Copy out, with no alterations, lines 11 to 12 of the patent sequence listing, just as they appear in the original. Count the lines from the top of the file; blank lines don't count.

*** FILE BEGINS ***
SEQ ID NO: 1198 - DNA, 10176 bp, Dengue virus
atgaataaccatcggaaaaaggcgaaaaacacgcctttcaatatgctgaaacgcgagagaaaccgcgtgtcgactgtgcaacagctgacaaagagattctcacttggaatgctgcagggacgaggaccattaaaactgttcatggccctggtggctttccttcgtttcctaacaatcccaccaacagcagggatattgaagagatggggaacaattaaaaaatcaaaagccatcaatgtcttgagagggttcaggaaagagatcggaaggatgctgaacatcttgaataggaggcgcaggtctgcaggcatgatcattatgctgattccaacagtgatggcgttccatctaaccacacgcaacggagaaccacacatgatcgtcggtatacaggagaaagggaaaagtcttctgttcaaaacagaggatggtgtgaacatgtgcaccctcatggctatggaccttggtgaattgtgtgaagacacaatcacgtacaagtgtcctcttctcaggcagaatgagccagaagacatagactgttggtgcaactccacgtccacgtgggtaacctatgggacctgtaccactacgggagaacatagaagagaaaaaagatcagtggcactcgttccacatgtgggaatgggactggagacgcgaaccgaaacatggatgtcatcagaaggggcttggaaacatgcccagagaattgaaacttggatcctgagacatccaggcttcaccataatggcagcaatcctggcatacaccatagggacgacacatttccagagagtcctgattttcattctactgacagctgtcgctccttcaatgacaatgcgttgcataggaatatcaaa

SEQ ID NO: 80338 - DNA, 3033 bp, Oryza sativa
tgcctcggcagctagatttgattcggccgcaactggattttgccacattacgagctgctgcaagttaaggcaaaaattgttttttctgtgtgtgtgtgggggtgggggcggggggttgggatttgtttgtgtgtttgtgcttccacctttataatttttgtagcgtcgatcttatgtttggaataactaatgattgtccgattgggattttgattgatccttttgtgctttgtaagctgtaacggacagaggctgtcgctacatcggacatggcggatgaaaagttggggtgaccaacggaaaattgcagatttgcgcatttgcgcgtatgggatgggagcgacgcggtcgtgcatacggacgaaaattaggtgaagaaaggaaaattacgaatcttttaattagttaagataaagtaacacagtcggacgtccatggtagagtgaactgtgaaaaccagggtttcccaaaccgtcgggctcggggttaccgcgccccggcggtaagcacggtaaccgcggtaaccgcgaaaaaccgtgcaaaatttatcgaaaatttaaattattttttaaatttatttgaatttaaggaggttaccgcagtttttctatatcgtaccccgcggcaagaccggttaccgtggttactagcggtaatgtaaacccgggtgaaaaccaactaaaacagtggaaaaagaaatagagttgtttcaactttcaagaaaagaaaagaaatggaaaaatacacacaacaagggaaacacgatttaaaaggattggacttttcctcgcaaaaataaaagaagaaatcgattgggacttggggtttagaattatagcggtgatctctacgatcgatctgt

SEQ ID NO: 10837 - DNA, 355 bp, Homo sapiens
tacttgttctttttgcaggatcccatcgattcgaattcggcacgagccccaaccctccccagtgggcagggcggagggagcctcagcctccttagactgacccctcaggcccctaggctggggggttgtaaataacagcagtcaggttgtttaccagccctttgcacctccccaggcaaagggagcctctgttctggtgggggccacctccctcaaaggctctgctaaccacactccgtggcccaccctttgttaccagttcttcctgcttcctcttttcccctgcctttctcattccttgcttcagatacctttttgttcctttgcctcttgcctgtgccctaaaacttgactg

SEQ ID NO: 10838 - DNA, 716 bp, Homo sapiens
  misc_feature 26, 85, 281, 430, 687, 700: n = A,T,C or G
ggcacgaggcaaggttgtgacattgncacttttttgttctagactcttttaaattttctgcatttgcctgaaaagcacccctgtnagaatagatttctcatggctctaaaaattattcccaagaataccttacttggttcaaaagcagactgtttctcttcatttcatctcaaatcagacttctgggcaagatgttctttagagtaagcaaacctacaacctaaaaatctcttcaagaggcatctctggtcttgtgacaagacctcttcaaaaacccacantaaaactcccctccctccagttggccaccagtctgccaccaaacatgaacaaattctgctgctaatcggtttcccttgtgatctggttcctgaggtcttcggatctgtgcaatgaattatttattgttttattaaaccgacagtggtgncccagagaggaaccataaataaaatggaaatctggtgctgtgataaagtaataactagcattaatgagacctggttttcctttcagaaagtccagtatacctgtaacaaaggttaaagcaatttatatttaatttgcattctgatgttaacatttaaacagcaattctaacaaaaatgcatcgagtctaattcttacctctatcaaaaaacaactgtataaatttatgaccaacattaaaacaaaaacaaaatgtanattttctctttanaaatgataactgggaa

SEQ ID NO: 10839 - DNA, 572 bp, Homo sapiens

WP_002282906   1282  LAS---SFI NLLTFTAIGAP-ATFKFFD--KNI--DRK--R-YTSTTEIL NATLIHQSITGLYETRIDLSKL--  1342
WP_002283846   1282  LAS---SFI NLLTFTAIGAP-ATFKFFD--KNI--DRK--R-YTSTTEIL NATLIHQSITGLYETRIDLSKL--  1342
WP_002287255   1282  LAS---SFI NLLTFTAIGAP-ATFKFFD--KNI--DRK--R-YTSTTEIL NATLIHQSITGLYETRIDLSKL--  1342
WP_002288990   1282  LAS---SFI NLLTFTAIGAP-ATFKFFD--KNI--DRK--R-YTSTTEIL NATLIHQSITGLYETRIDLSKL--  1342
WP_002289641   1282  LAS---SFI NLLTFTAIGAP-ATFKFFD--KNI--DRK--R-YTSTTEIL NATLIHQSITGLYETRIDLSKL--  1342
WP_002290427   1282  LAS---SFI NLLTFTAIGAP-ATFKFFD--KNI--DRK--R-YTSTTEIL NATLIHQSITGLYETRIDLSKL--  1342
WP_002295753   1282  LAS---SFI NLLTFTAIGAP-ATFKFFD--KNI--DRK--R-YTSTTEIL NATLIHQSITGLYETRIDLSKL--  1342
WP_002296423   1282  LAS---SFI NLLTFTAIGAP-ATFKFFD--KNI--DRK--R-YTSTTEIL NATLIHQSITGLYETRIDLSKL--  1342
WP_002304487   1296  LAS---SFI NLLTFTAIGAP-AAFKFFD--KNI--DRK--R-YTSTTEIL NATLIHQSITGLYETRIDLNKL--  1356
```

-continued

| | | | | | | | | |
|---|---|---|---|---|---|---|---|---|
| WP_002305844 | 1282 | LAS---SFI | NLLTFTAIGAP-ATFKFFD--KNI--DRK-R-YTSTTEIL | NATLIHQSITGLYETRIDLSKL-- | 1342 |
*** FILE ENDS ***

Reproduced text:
WP_002282906   1282  LAS---SFI NLLTFTAIGAP-ATFKFFD--KNI--DRK--R-YTSTTEIL NATLIHQSITGLYETRIDLSKL--  1342
WP_002283846   1282  LAS---SFI NLLTFTAIGAP-ATFKFFD--KNI--DRK--R-YTSTTEIL NATLIHQSITGLYETRIDLSKL--  1342